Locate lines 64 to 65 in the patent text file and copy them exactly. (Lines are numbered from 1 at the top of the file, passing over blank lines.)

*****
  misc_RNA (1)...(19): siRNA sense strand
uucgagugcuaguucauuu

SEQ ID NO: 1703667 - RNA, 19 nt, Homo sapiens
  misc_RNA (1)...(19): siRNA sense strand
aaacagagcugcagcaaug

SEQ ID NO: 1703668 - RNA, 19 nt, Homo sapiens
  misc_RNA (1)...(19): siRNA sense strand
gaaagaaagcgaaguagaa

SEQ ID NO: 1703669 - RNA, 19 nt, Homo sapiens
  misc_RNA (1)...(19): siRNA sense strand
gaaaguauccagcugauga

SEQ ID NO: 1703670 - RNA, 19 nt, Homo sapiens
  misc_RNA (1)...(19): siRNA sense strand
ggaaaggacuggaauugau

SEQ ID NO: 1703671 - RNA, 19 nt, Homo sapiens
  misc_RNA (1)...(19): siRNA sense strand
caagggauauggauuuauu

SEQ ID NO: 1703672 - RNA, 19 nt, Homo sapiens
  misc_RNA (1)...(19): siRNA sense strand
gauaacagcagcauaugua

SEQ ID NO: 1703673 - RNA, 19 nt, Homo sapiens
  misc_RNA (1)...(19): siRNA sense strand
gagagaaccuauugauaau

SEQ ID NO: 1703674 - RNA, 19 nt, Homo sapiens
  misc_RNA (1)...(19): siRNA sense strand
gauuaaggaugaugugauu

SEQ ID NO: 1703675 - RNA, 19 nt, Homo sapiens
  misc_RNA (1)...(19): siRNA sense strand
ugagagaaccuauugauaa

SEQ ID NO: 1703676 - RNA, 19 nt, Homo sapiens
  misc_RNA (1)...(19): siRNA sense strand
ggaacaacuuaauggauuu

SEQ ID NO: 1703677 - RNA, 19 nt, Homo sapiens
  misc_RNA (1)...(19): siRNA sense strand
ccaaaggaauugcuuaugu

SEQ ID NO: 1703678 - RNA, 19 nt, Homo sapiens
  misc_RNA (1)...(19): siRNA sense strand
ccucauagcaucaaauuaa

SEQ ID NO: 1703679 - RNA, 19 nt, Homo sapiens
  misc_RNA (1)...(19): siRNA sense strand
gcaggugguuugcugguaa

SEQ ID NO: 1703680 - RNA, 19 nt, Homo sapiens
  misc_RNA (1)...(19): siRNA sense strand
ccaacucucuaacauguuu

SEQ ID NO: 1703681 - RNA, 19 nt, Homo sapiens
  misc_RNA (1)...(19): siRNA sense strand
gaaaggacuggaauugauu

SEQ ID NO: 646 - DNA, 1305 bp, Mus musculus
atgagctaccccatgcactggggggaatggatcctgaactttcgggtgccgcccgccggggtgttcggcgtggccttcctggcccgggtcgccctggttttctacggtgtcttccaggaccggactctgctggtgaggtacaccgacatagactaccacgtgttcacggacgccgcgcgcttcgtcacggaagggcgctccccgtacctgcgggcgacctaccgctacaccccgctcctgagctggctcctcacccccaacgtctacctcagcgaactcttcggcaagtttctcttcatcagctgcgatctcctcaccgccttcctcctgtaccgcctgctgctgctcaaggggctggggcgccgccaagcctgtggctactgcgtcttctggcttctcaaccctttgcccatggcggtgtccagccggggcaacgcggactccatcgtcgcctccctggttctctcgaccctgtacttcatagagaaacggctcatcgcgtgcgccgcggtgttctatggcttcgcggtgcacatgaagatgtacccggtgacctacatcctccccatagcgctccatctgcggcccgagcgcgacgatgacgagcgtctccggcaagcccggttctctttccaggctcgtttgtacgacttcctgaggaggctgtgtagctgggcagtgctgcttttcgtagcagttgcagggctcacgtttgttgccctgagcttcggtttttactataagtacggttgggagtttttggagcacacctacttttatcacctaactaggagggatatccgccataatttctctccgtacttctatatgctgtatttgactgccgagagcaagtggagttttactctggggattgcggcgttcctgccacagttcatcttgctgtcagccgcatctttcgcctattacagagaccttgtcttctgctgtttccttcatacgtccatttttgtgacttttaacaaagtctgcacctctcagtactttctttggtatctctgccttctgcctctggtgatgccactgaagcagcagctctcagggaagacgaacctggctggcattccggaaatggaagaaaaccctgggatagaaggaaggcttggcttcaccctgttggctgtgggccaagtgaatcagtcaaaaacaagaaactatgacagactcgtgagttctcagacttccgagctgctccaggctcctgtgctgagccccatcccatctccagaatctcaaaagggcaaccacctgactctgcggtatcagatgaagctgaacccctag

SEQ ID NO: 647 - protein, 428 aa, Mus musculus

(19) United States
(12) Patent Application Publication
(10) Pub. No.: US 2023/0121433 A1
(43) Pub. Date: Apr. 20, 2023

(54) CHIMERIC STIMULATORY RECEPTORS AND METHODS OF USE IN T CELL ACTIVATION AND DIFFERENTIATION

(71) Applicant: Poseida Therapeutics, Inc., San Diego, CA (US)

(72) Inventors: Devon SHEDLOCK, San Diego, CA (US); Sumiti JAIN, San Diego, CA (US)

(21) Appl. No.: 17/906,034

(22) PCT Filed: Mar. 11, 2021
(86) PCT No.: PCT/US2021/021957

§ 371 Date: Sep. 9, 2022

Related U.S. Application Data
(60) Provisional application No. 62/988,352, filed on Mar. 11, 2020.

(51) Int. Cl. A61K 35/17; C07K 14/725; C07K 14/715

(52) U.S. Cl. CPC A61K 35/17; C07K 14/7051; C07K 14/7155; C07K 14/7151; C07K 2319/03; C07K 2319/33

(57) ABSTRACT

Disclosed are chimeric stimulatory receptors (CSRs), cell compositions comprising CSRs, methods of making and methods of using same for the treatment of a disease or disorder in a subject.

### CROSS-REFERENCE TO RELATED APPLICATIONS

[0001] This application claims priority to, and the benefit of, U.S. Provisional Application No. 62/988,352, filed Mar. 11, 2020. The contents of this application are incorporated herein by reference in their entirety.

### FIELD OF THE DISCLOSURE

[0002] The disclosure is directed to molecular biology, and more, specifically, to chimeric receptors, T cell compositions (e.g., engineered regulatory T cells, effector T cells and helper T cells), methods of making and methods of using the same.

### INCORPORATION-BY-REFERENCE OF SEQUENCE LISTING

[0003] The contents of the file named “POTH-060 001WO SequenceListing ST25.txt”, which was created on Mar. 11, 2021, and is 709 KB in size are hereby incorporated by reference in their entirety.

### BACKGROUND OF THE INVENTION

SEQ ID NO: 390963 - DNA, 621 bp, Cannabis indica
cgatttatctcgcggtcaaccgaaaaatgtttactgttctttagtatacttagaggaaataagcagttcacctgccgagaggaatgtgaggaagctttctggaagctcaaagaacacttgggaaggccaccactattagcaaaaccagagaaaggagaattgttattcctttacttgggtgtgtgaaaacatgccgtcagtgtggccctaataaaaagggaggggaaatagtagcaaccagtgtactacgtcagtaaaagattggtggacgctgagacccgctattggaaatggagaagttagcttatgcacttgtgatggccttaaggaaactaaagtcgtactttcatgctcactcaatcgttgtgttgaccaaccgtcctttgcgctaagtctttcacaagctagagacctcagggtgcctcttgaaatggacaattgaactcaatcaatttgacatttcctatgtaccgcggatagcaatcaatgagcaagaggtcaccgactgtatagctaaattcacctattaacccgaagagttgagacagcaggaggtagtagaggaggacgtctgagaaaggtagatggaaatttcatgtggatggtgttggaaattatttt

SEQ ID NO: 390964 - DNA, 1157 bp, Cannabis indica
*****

(51) Int. Cl. A61K 35/17; C07K 14/725; C07K 14/715

(52) U.S. Cl. CPC A61K 35/17; C07K 14/7051; C07K 14/7155; C07K 14/7151; C07K 2319/03; C07K 2319/33